In the post on Linus Yale, we went searching for the origins of this brilliant system, which has more than 150 patented versions and dates back to the Ancient Egypt! Now, we’ll “enter” into this marvelously simple contraption that, with its extraordinary efficiency, has characterized the entire history of the key.
Looking inside the lock, we see that it’s divided in two parts: the movable coil, where the key is inserted, and the fixed cylinder which contains it. The two parts are connected by a series of pistons with different lengths, which flow two by two in seats equipped with springs on the top.
When the door is closed, the pistons are completely lowered by the springs and the upper ones lock the coil to the cylinder. By inserting the key, the pistons move up and down, as the keys of a player piano, pushed by the notched outline. When the key is fully inserted, the pistons are lifted in a position with the separation line between the upper ones and the lower ones corresponding with the margin between the coil and the cylinder. Only in this position the coil is free to rotate, making the latch slide to open the door. Easy, isn’t it? But it is even more so if you watch this wonderful animation, which shows the mechanical beauty of a perfect system.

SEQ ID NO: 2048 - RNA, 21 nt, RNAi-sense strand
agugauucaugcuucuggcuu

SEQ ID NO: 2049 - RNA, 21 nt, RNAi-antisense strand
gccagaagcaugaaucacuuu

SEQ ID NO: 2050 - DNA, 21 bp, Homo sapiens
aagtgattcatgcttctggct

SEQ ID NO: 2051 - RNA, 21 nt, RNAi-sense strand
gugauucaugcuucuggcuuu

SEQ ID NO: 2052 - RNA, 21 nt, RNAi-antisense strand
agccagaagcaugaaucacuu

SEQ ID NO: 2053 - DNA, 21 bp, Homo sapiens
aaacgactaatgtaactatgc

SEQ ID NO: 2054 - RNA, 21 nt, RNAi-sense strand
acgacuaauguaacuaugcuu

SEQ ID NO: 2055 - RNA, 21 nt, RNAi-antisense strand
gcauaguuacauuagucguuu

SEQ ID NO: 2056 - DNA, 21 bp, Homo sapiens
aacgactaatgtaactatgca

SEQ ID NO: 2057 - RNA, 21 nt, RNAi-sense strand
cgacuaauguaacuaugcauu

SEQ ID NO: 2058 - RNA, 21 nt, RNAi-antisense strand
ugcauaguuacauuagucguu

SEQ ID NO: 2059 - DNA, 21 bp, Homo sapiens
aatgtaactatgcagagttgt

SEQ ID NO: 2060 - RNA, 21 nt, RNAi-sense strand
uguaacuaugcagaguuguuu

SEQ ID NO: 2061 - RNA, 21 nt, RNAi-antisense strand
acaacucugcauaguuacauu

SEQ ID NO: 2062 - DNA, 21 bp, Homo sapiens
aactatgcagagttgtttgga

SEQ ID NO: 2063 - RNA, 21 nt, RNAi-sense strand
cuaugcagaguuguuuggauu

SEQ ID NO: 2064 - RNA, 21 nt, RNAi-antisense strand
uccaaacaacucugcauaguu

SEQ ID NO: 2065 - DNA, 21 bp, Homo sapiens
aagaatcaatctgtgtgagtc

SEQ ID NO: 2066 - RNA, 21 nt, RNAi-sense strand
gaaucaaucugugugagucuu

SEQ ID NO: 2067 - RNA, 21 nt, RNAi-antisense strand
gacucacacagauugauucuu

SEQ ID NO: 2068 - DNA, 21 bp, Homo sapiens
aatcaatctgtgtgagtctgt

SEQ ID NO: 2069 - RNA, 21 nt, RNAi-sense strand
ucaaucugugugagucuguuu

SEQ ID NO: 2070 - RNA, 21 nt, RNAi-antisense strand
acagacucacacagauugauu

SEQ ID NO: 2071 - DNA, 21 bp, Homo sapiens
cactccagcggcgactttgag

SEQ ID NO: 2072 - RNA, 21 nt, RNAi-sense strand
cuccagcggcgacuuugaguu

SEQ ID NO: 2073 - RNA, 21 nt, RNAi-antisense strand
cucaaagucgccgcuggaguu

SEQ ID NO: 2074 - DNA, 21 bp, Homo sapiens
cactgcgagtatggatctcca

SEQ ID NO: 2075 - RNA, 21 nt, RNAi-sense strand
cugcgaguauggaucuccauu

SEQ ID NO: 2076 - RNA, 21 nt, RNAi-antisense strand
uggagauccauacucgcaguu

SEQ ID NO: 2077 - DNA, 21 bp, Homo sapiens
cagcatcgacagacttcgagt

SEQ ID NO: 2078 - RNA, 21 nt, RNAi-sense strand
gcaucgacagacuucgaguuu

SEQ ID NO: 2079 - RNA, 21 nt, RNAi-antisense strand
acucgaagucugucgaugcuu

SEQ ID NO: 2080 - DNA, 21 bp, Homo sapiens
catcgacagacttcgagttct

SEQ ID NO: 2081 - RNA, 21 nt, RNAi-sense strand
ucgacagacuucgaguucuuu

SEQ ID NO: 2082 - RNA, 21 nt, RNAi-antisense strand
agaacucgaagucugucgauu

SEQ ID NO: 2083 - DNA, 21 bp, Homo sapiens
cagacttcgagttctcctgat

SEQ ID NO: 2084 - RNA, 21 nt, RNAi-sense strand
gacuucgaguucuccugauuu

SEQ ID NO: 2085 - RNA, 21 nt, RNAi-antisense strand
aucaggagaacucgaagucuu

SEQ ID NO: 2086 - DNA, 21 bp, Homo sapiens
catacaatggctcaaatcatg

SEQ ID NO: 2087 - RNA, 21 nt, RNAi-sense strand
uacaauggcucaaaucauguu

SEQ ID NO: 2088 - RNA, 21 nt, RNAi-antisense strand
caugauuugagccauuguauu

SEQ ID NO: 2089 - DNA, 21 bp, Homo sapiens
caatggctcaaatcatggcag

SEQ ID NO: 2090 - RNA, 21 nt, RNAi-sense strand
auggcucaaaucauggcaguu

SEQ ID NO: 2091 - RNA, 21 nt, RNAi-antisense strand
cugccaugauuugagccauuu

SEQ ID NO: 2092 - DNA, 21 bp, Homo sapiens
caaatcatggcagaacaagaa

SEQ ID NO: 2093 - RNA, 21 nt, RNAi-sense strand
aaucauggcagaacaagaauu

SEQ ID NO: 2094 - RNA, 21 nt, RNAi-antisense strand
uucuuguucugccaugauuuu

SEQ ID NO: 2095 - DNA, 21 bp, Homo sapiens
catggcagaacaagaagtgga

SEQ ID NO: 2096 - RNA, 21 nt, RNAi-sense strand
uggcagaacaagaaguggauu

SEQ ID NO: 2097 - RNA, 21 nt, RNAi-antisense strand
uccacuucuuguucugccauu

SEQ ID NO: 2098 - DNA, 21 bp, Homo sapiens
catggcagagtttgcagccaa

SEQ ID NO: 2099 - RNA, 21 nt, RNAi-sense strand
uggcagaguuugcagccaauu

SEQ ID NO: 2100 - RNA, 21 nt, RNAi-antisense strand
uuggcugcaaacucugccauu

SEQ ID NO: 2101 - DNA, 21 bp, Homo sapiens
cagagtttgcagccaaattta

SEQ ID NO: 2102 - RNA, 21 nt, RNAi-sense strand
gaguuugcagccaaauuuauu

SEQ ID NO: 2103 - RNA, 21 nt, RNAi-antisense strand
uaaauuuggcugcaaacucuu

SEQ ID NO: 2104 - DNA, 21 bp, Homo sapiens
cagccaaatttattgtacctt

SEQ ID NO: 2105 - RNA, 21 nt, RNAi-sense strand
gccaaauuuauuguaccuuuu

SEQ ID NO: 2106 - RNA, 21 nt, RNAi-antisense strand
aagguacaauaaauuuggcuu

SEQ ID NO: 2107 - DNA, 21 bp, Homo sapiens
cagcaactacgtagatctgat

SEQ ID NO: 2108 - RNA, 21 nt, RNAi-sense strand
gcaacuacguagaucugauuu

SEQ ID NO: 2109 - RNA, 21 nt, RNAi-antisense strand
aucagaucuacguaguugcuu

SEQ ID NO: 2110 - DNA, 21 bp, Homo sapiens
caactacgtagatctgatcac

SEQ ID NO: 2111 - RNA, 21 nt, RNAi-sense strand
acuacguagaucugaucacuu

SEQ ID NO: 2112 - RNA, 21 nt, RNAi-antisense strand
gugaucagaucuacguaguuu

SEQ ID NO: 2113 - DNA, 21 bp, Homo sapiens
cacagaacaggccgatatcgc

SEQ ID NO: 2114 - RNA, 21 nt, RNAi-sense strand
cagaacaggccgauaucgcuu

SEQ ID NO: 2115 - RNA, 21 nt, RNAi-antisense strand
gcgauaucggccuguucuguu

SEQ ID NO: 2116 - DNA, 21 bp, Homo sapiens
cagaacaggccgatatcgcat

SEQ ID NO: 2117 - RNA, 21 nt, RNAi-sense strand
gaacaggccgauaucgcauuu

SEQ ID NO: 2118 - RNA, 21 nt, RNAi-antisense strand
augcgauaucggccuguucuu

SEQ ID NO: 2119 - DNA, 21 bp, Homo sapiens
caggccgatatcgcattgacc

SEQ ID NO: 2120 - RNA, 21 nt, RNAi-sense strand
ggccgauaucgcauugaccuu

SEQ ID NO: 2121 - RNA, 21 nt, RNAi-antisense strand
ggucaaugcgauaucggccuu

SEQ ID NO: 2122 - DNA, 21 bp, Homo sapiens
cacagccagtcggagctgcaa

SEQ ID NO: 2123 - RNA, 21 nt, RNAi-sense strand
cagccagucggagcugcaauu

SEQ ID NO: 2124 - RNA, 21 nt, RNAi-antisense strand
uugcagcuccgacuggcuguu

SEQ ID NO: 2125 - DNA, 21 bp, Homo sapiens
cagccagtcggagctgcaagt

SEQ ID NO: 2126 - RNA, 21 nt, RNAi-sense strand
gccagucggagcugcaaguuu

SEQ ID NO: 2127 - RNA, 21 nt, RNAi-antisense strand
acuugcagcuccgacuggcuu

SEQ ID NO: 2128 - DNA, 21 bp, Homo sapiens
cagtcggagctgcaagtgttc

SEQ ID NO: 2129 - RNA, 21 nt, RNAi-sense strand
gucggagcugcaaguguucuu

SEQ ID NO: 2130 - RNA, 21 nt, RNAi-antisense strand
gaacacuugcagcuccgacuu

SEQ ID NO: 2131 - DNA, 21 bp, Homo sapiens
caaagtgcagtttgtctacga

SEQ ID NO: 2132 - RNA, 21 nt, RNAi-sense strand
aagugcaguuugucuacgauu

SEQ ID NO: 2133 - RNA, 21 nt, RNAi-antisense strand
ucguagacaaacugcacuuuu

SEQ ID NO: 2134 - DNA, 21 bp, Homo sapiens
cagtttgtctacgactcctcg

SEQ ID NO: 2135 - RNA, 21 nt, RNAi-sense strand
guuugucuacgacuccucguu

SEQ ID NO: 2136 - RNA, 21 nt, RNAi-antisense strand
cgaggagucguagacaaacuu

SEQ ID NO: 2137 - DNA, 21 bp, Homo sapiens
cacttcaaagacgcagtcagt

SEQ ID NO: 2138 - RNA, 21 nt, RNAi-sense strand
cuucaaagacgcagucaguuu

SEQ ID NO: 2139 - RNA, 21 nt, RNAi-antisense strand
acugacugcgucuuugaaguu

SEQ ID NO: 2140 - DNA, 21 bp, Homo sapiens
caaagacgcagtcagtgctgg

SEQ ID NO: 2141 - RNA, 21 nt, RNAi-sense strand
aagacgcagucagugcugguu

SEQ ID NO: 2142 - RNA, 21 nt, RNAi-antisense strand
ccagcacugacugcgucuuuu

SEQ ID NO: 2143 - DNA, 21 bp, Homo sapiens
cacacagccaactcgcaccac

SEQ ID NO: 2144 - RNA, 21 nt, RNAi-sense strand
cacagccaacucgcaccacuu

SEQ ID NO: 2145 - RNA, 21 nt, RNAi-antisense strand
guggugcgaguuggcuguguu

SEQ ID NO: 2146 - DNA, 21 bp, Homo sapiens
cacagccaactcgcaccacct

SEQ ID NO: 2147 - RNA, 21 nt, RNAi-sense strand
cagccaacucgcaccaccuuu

The profile of a flat key resembles the shape of the mountains, with their peaks and elevations, maybe those of the Connecticut where Yale was born, or the image of the pyramids emerging from the sand dunes of Egypt, where the fortune of this magical system began.